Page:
Theodor “Ted” Seuss Geisel, better known as Dr. Seuss, on his last visit to his hometown of Springfield, Massachusetts in 1986. Photo courtesy of Springfield Union-News
A long-lost manuscript from the beloved author and illustrator Dr.
Seuss will be released next week, marking a quarter-century since his
swan song “Oh, the Places You’ll Go!” empowered us to move mountains.
The posthumous “What Pet Should I Get?” arrives July 28, two years after
the author’s widow unearthed the story’s text and sketches. It features
the siblings from “One Fish Two Fish Red Fish Blue Fish” on a trip to
the pet store, which we know is never that sensible with a Seuss book.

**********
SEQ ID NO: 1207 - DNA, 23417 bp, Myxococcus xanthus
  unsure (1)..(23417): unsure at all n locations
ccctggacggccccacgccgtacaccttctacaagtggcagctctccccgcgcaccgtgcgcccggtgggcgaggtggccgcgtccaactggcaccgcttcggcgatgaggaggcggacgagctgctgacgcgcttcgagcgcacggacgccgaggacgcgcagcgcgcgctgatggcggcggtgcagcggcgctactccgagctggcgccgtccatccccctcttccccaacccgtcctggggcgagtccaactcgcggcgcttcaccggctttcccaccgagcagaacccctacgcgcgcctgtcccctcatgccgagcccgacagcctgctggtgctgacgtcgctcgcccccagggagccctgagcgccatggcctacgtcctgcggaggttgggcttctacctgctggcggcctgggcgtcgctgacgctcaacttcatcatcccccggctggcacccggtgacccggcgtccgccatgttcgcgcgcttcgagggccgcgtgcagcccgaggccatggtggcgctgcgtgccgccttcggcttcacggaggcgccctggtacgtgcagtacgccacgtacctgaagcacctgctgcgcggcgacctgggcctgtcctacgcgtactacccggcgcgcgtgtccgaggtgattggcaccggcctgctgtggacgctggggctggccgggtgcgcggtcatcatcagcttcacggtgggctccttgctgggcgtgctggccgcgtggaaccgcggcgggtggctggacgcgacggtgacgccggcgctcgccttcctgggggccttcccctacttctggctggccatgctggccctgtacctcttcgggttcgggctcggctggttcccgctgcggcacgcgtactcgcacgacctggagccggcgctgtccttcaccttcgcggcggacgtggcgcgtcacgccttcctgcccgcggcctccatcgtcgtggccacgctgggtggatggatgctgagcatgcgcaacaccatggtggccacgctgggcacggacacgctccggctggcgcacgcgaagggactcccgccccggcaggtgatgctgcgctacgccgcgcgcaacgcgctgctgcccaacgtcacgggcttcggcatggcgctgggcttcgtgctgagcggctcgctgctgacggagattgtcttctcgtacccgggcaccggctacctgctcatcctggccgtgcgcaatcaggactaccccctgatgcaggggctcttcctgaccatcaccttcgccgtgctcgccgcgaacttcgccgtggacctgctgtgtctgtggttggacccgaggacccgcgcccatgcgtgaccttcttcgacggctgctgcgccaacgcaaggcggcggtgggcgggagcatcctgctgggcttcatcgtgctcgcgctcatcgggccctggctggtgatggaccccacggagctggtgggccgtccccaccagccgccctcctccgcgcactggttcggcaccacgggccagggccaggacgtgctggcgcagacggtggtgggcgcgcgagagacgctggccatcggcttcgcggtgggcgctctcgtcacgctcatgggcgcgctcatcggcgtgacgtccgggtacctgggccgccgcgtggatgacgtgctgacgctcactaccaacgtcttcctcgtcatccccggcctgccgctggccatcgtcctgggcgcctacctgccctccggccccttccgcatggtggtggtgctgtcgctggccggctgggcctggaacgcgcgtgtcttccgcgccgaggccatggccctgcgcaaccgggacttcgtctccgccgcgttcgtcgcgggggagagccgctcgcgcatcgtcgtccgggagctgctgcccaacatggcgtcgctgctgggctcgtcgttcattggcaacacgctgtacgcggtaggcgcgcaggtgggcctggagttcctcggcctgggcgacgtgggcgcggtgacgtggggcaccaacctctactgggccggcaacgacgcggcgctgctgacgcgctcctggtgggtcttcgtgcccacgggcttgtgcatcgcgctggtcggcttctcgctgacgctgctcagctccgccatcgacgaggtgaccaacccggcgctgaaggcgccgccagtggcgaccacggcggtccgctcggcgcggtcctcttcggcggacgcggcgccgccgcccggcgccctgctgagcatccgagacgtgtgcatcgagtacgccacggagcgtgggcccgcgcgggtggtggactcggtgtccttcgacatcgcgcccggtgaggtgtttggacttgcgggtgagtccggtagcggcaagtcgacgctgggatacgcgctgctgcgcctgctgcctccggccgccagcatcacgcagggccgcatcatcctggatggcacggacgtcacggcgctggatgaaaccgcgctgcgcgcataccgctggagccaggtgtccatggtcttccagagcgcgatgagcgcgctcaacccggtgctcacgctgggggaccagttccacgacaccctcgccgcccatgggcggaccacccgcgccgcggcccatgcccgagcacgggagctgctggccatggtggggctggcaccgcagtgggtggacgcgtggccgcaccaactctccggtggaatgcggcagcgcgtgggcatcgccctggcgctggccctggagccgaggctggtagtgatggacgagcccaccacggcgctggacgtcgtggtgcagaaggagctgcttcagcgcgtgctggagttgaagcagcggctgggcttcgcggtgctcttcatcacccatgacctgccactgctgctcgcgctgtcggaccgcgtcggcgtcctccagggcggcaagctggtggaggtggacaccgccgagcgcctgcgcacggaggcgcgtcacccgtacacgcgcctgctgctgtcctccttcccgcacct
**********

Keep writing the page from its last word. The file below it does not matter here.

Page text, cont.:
Nel, author of “Dr. Seuss: American Icon,” and Guy McLain, director of
the Wood Museum of Springfield History, discuss how the author’s
advertising beginnings gave way to Zooks and Zummers, pulling children’s
literature away from the tsk-tsking of the Dick and Jane books and
obliterating the boring belief that young readers ought to be prim and
Thing 1. He got his sense of poetry from his mother. Read more...